October 19, 2011

WELCOME TO CAMP CREEPY:

Protests and Power: Should liberals support Occupy Wall Street? (The Editors, October 12, 2011)

One of the core differences between liberals and radicals is that liberals are capitalists. They believe in a capitalism that is democratically regulated--that seeks to level an unfair economic playing field so that all citizens have the freedom to make what they want of their lives. But these are not the principles we are hearing from the protesters. Instead, we are hearing calls for the upending of capitalism entirely. American capitalism may be flawed, but it is not, as Slavoj Zizek implied in a speech to the protesters, the equivalent of Chinese suppression. "[In] 2011, the Chinese government prohibited on TV and films and in novels all stories that contain alternate reality or time travel," Zizek declared. "This is a good sign for China. It means that people still dream about alternatives, so you have to prohibit this dream. Here, we don't think of prohibition. Because the ruling system has even oppressed our capacity to dream. Look at the movies that we see all the time. It's easy to imagine the end of the world. An asteroid destroying all life and so on. But you cannot imagine the end of capitalism." This is not a statement of liberal values; moreover, it is a statement that should be deeply offensive to liberals, who do not in any way seek the end of capitalism.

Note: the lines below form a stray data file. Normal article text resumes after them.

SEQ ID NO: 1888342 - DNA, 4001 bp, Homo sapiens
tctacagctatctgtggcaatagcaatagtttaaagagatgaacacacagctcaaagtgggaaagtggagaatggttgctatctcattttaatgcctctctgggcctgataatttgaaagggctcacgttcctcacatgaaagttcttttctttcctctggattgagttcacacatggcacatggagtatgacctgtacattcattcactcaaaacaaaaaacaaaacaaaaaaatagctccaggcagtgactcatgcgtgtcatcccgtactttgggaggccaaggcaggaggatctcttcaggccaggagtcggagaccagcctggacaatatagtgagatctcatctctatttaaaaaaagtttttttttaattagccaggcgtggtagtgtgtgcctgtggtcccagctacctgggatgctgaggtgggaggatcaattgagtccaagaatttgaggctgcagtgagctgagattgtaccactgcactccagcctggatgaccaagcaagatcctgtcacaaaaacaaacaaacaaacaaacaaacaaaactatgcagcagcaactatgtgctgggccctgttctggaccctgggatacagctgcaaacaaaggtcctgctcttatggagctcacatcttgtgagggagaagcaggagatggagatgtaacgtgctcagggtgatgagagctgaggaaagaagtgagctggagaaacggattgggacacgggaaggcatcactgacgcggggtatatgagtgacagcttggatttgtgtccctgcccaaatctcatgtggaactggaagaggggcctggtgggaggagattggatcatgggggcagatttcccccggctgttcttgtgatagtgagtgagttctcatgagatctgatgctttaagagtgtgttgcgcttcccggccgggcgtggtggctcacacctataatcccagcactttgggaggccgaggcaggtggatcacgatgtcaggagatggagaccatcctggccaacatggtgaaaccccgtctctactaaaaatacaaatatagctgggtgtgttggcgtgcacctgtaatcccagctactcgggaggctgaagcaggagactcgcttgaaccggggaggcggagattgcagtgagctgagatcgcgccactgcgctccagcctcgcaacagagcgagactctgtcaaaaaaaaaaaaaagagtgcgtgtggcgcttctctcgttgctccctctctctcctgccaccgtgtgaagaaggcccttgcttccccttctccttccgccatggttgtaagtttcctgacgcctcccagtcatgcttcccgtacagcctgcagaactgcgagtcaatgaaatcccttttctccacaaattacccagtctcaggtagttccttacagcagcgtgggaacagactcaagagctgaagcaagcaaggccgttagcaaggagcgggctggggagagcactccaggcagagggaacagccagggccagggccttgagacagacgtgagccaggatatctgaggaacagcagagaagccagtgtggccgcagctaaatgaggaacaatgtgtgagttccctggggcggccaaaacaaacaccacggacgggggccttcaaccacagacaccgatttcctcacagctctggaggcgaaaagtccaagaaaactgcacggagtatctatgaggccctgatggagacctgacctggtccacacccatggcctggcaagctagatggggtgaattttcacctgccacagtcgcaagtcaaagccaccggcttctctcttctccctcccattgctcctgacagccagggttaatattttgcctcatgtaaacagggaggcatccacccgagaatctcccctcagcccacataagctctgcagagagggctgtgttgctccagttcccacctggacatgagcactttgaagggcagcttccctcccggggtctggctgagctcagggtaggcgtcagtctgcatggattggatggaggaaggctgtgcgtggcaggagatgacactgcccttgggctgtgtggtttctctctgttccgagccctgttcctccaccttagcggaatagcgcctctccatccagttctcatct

Zizek is not alone. His statement is typical of the anti-capitalist, almost utopian arguments that one hears coming from these protesters. A recent debate about whether to allow Congressman John Lewis, a civil rights icon, to speak to Occupy Atlanta was captured on video and ended up on YouTube. As Lewis looked on, arguments on both sides were bandied about. "The point of this general assembly is to kick-start a democratic process in which no singular human being is inherently more valuable than any other human being," argued one protester. Ultimately, because no "consensus" could be reached, Lewis was turned away. Yes, like the Zizek speech, this was just one data point. But surely it was an indication that liberal skepticism about this movement is not unwarranted.

And it is just not the protesters' apparent allergy to capitalism and suspicion of normal democratic politics that should raise concerns. It is also their temperament. The protests have made a big deal of the fact that they arrive at their decisions through a deliberative process. But all their talk of "general assemblies" and "communiqués" and "consensus" has an air of group-think about it that is, or should be, troubling to liberals. "We speak as one," Occupy Wall Street stated in its first communiqué, from September 19. "All of our decisions, from our choices to march on Wall Street to our decision to camp at One Liberty Plaza were decided through a consensus process by the group, for the group." The air of group-think is only heightened by a technique called the "human microphone" that has become something of a signature for the protesters. When someone speaks, he or she pauses every few words and the crowd repeats what the person has just said in unison. The idea was apparently logistical--to project speeches across a wide area--but the effect when captured on video is genuinely creepy.


Of course, if liberals were actually skeptical we'd have a different president.

Posted by at October 19, 2011 7:05 AM
  

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